AMD Launching Ryzen 5 Six Core Processors Soon (Q2 2017)

Subject: Processors | February 24, 2017 - 07:17 AM |
Tagged: Zen, six core, ryzen 5, ryzen, hexacore, gaming, amd

While AMD's Ryzen lineup and pricing has leaked out, only the top three Ryzen 7 processors are available for pre-order (with availability on March 2nd). Starting at $329 for the eight core sixteen thread Ryzen 7 1700, these processors are aimed squarely at enthusiasts craving top-end performance. It seems that enthusiasts looking for cheaper and better price/performance options for budget gaming and work machines will have to wait a bit for Ryzen 5 and Ryzen 3 which will reportedly launch in the second quarter and second half of 2017 respectively. Two six core Ryzen 5 processors will launch somewhere between April and June with the Ryzen 3 quad cores (along with mobile and "Raven Ridge" APU parts) following in the summer to end-of-year timeframe hopefully hitting that back-to-school and holiday shopping launch windows respectively.

AMD Ryzen Die Shot_six core.jpg

Image via reddit (user noiserr). Guru3d has another die shot. Six cores will be created by disabling one core from each CCX.

Thanks to leaks, the two six core Ryzen 5 CPUs are the Ryzen 5 1600X at $259 and Ryzen 5 1500 at $229. The Ryzen 5 1600X is a 95W TDP CPU with six cores and twelve threads at 3.6 GHz base to 4.0 GHz boost with 16MB of L3 cache. AMD is pitting this chip against the Intel Core i5 7600K which is a $240 quad core Kaby Lake part sans Hyper-Threading. Meanwhile, the Ryzen 5 1500 is a 65W processor clocked at 3.2 GHz base and 3.5 GHz boost with 16 MB of L3 cache.

Note that the Ryzen 5 1600X features AMD's XFR (extreme frequency) technology which the Ryzen 5 1500 lacks. Both processors are unlocked and can be overclocked, however. 

Interestingly, Antony Leather over at Forbes managed to acquire some information on how AMD is making these six core parts. According to his source, AMD is disabling one core (and its accompanying L2 cache) from each four core Core Complex (CCX). Doing this this way (rather than taking two cores from one CCX) should keep things balanced. It also allows AMD to keep all of the processors 16MB of L3 cache enabled and each of the remaining three cores of each complex will be able to access the L3 cache as normal. Previous rumors had suggested that the CCXes were "indivisible" and six cores were not possible, but it appears that AMD is able to safely disable at least one core of a complex without compromising the whole thing. I doubt we will be seeing any odd number core count CPUs from AMD though (like their old try at selling tri-core parts that later were potentially able to be unlocked). I am glad that AMD was able to create six core parts while leaving the entire L3 cache intact.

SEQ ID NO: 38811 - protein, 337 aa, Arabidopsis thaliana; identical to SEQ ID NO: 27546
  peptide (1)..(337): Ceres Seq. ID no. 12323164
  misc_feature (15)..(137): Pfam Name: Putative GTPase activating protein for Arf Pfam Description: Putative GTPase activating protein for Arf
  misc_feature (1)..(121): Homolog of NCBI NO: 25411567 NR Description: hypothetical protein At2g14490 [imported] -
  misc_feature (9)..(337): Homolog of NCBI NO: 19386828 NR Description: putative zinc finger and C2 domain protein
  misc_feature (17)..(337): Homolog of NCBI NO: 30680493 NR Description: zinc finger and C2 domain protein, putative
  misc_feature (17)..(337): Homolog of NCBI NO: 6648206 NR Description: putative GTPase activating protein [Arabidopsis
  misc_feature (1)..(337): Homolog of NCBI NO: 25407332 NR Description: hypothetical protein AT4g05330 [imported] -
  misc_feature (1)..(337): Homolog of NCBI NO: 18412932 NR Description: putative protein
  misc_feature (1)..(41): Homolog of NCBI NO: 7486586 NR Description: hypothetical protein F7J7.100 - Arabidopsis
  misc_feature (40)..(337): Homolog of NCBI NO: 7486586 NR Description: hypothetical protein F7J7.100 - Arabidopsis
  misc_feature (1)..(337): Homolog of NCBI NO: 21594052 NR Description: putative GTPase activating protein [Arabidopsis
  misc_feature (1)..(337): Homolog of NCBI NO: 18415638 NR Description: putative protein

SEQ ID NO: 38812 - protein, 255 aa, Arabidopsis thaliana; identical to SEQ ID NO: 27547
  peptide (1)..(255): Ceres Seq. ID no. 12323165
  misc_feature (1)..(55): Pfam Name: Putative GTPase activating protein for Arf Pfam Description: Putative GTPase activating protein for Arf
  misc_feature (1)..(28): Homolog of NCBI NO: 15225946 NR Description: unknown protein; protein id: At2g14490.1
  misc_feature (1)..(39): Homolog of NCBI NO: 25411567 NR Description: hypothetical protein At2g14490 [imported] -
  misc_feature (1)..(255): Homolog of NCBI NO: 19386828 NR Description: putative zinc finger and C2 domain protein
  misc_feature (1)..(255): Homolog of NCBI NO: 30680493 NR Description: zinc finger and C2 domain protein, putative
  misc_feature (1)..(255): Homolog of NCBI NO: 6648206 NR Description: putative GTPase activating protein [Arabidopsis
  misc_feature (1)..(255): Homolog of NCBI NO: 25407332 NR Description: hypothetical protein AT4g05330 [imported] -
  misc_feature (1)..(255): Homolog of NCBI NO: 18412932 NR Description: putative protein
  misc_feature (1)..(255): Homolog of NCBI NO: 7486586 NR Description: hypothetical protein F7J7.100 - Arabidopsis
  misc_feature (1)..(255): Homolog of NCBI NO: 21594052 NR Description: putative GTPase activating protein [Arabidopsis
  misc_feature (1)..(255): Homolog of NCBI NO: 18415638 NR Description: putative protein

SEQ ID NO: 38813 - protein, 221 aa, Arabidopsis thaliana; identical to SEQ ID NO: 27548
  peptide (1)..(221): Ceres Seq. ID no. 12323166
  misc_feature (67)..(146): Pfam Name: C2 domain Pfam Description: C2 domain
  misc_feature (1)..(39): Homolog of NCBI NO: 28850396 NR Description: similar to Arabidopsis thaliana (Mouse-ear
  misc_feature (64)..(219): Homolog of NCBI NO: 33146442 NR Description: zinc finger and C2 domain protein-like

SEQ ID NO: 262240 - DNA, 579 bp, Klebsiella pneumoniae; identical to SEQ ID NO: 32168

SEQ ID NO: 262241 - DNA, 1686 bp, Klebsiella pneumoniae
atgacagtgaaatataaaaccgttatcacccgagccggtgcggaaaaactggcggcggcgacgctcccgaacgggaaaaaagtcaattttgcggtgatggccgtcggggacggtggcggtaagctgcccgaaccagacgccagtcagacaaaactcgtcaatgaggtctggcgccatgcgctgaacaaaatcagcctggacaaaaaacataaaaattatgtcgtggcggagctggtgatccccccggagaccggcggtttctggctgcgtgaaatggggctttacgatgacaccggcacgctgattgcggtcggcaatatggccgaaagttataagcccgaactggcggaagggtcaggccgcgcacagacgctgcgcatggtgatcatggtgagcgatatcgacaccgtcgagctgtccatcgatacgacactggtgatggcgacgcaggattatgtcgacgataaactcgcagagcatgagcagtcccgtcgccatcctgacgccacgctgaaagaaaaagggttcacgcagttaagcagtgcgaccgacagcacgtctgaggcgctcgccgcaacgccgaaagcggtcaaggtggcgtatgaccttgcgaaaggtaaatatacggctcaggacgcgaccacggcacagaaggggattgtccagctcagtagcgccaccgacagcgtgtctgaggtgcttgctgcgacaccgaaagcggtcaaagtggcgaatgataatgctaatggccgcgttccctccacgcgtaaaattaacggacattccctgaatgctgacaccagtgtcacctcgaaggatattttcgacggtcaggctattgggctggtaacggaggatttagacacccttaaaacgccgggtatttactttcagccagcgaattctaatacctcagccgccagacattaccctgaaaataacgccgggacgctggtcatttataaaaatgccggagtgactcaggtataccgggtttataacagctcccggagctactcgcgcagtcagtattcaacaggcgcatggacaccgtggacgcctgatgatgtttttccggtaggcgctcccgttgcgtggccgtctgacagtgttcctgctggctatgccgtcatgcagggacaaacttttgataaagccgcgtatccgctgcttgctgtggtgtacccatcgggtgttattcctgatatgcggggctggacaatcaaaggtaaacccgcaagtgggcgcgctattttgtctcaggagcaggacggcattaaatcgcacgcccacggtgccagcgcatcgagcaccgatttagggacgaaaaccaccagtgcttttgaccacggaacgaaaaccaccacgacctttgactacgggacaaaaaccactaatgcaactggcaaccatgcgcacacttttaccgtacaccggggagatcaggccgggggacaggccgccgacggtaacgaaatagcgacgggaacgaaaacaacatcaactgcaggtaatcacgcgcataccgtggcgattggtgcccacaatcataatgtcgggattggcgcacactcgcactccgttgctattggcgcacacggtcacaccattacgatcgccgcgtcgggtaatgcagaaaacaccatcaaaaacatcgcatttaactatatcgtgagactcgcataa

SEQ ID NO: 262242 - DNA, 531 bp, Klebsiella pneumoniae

What is still not clear is whether these six core Ryzen 5 parts are made by physically disabling the core from the complex or if the cores are simply disabled/locked out in the micro code or BIOS/UEFI. It would be awesome if, in the future when yields are to the point where binning is more for product segmentation than because of actual defects, those six core processors could be unlocked! 

The top end Ryzen 7 processors are looking to be great performers and a huge leap over Excavator while at least competing with Intel's latest at multi-threaded performance (I will wait for independent benchmarks for single threaded where even from AMD the benchmark scores are close although these benchmark runs look promising). These parts are relatively expensive though, and the cheaper Ryzen 5 and Ryzen 3 (and Raven Ridge APUs) are where AMD will see the most potential sales due to a much bigger market. I am looking forward to seeing more information on the lower end chips and how they will stack up against Intel and its attempts to shift into high gear with moves like enabling Hyper-Threading on lower end Kaby Lake Pentiums and possibly on new Core i5s (that's still merely a rumor though). Intel certainly seems to be taking notice of Ryzen and the reignited competition in the desktop processor space is very promising for consumers!

Are you holding out for a six core or quad core Ryzen CPU or are you considering a jump to the high-end Ryzen 7s?

Source: TechPowerUp

AMD Ryzen Pre-order Starts Today, Specs and Performance Revealed

Subject: Processors | February 22, 2017 - 02:00 PM |
Tagged: Zen, ryzen, preorder, pre-order, handbrake, Cinebench, amd

I know that many of you have been waiting months and years to put your money down for the Zen architecture and Ryzen processors from AMD. Well that day is finally here: AMD is opening pre-orders for Ryzen 7 1800X, Ryzen 7 1700X and Ryzen 7 1700 processors.

That’s the good news. The bad news? You’ll be doing it without the guidance of independent reviews.

For some of you, that won’t matter. And I can respect that! Getting your hands on Ryzen and supporting the disruption that it offers is something not only AMD fans have been preparing for, but tens of thousands of un-upgraded enthusiasts as well.